Bee pollen is a dietary supplement used by humans since time immemorial. Accordingly, there is a large degree of public interest regarding the health benefits of ingesting bee pollen. Alternately, there is some controversy regarding bee pollen use because of the high potential for allergic reactions. Because of the histamine naturally contained in most pollen, bee pollen supplementation may cause more harm than good for some. However, various studies evidence healthful properties of bee pollen.
Historically, the ingestion of bee pollen was usually pursuant of an energy boost. Thought to result in rises in concentration similar to that of coffee as well as improvements in physical performance, naturalists and athletes often supplement their diets with bee pollen. In fact, Russian tradition observes bee pollen as a viable supplement to increase sexual performance, as well.
Rich in nutrients, phytonutrients and minerals, bee pollen also contains flavonoids. These include luteolin, quercetin, tricetin and myricetin. Flavonoids are known antioxidants that may assist in reducing cancer and diarrhea, as well as promoting capillary stabilization.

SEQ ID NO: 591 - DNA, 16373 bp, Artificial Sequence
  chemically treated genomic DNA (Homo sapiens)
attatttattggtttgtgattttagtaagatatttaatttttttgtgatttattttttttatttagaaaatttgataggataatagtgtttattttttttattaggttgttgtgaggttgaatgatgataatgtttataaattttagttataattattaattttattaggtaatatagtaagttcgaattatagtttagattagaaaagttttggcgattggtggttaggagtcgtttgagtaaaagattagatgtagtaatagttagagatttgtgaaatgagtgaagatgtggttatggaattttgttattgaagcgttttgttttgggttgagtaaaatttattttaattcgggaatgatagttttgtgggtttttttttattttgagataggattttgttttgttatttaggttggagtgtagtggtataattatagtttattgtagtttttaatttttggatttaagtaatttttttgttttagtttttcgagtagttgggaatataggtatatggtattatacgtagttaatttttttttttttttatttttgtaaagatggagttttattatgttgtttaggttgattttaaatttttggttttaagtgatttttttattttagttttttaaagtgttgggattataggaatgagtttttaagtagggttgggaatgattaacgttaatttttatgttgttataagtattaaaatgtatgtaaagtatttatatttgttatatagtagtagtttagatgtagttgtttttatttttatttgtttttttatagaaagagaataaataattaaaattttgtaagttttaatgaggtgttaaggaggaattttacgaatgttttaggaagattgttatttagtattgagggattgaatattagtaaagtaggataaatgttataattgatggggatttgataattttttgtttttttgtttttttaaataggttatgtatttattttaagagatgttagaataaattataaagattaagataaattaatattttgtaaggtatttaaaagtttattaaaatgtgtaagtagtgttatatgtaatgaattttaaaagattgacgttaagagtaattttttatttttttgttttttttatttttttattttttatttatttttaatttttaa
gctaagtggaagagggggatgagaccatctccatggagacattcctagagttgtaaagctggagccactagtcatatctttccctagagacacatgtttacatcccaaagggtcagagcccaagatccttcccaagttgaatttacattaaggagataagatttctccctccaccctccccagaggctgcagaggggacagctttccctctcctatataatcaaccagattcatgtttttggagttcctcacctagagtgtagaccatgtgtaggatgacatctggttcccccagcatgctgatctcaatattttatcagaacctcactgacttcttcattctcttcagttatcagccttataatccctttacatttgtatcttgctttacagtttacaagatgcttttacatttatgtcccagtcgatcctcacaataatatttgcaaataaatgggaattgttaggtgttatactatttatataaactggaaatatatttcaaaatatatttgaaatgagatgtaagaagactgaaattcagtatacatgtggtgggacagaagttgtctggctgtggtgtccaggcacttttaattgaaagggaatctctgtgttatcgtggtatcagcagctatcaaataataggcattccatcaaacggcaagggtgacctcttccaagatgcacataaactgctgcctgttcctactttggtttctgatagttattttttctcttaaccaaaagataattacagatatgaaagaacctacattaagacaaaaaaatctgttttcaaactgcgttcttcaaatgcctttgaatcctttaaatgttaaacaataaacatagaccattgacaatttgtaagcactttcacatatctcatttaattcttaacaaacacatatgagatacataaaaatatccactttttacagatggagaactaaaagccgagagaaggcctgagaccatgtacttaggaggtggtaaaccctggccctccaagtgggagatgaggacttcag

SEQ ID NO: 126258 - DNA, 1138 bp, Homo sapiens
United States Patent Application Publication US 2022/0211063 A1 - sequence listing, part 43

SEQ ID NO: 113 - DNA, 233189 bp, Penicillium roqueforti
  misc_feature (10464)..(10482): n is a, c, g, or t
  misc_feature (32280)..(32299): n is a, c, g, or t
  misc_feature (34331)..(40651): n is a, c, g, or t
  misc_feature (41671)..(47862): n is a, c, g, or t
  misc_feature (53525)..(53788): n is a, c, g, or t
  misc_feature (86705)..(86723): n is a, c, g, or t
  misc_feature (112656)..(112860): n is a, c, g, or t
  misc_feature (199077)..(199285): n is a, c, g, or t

Because of the vitamins, nutrients and flavonoids contained in bee pollen, it is thought to slow the aging process and extend life spans. In particular, aspartic acid stimulates the endocrine system; estrogen and androgen helps the body achieve, as well as maintain biological homeostasis; and energy supplementation increases healthful activity, in addition to other influences that promote healthfulness and potentially, long life.
- Staying Healthy with Nutrition: The Complete Guide to Diet and Nutritional Medicine; Edison M. Haas, M.D.
- Bee Pollen, Royal Jelly, Propolis and Honey: A Trinity of Energy and Longevity; Rita Elkins
- Hemera Technologies/AbleStock.com/Getty Images
This article reflects the views of the writer and does not necessarily reflect the views of Jillian Michaels or JillianMichaels.com.